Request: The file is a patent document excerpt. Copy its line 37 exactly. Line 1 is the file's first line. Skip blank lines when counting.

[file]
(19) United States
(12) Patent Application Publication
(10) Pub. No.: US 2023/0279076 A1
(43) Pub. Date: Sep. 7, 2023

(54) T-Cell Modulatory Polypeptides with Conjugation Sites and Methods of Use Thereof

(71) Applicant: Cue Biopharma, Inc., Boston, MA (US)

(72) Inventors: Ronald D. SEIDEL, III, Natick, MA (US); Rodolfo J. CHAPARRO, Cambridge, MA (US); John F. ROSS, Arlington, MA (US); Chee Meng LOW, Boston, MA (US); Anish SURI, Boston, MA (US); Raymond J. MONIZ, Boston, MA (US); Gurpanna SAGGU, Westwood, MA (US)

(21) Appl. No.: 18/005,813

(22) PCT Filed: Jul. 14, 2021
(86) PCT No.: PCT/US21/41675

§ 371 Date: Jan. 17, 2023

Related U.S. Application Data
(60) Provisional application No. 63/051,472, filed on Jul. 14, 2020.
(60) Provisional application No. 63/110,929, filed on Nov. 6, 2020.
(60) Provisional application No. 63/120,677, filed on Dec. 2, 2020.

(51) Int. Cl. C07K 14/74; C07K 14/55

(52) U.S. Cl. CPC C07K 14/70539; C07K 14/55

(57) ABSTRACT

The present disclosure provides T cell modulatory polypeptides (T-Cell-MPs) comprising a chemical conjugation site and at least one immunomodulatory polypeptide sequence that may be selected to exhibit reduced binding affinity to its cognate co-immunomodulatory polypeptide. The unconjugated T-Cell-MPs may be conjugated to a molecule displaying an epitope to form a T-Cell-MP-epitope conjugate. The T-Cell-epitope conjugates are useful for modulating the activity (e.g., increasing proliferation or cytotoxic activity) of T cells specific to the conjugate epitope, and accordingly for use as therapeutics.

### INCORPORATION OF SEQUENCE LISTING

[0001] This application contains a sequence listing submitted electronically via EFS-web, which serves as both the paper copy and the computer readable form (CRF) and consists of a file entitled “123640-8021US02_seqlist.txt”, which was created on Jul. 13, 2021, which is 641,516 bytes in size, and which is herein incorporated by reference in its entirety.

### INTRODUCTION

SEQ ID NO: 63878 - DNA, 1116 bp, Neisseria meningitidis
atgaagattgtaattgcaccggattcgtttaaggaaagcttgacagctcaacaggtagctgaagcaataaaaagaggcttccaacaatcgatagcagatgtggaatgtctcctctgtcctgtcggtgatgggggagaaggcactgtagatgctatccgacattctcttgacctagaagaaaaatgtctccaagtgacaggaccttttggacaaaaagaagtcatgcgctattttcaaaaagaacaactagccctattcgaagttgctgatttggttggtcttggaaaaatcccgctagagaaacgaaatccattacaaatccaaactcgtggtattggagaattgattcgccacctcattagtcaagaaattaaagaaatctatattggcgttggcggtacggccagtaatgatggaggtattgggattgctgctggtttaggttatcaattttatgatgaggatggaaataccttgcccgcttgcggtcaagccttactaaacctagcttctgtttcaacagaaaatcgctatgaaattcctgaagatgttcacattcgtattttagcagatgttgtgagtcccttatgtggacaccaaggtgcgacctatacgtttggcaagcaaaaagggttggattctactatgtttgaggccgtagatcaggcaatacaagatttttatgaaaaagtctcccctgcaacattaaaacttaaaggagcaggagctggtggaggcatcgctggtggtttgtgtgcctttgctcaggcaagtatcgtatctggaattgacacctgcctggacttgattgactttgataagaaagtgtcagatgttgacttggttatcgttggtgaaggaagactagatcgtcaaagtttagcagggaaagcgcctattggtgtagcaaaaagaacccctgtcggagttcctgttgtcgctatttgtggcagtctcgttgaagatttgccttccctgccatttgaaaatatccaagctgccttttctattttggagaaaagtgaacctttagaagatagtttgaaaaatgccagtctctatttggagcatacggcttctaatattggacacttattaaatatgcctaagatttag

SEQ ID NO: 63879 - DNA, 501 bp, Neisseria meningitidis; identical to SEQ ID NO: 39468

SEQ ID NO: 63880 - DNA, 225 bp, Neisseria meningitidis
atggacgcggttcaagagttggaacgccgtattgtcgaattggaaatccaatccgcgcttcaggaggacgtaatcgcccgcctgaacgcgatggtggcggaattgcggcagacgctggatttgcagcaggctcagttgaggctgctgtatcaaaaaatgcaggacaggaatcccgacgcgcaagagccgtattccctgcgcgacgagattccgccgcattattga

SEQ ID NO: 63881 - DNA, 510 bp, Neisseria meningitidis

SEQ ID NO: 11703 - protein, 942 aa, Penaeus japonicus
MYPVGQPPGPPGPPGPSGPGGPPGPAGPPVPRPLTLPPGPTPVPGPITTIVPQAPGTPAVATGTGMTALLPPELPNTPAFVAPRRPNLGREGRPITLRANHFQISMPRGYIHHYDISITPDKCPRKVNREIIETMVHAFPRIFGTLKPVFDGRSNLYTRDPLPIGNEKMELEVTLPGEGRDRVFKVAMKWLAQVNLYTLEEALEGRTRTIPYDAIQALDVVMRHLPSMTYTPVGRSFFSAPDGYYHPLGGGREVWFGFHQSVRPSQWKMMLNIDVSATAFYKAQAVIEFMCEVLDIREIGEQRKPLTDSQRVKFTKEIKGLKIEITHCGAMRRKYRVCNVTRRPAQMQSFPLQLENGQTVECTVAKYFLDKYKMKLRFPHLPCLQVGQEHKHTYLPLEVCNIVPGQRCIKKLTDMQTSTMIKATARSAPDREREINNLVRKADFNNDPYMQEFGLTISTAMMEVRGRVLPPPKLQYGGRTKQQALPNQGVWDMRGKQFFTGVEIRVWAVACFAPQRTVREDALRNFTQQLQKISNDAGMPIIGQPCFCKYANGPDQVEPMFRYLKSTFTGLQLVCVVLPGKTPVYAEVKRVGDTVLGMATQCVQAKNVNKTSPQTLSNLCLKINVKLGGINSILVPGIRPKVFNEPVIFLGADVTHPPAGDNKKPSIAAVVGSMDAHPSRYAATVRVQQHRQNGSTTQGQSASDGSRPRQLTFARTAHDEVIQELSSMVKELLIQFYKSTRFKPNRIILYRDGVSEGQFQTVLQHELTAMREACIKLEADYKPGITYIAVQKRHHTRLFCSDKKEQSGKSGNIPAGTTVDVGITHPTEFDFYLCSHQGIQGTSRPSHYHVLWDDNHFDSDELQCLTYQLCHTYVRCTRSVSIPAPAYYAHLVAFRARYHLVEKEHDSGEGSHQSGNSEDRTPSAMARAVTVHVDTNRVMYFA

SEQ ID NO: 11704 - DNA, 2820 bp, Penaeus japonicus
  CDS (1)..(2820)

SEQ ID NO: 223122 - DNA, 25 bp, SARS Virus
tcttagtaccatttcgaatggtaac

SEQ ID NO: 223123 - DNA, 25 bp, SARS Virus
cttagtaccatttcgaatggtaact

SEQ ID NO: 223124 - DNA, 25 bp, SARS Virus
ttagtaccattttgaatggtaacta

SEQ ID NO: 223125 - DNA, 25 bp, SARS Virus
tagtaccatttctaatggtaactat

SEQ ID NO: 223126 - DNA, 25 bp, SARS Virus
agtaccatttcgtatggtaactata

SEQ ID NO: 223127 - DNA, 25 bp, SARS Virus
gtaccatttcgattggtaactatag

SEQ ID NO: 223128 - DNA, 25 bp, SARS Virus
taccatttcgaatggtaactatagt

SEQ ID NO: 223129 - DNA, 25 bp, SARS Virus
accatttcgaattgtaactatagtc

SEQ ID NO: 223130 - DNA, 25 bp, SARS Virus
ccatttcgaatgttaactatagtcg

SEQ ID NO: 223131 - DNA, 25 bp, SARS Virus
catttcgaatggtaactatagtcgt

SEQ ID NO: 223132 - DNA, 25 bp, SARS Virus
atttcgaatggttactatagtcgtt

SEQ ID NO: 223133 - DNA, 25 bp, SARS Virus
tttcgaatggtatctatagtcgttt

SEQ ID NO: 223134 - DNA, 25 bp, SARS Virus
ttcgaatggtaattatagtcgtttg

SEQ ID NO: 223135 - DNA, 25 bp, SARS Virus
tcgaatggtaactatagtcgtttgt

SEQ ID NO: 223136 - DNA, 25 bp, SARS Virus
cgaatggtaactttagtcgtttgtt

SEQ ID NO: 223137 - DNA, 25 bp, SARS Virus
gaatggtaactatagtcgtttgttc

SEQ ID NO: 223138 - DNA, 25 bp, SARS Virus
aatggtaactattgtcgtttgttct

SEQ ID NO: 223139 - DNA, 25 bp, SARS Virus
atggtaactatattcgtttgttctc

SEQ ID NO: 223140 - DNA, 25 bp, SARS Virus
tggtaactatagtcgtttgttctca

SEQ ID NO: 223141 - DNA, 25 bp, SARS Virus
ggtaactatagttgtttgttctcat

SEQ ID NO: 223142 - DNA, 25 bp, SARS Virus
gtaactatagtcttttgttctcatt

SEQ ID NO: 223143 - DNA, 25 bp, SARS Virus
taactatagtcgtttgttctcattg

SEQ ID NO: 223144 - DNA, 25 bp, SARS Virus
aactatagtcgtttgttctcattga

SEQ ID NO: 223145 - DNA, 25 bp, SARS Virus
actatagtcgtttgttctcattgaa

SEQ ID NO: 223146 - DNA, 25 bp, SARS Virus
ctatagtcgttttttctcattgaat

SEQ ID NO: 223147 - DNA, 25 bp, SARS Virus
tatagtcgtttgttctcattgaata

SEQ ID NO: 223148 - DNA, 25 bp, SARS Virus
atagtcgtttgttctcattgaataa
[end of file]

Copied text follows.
SEQ ID NO: 223124 - DNA, 25 bp, SARS Virus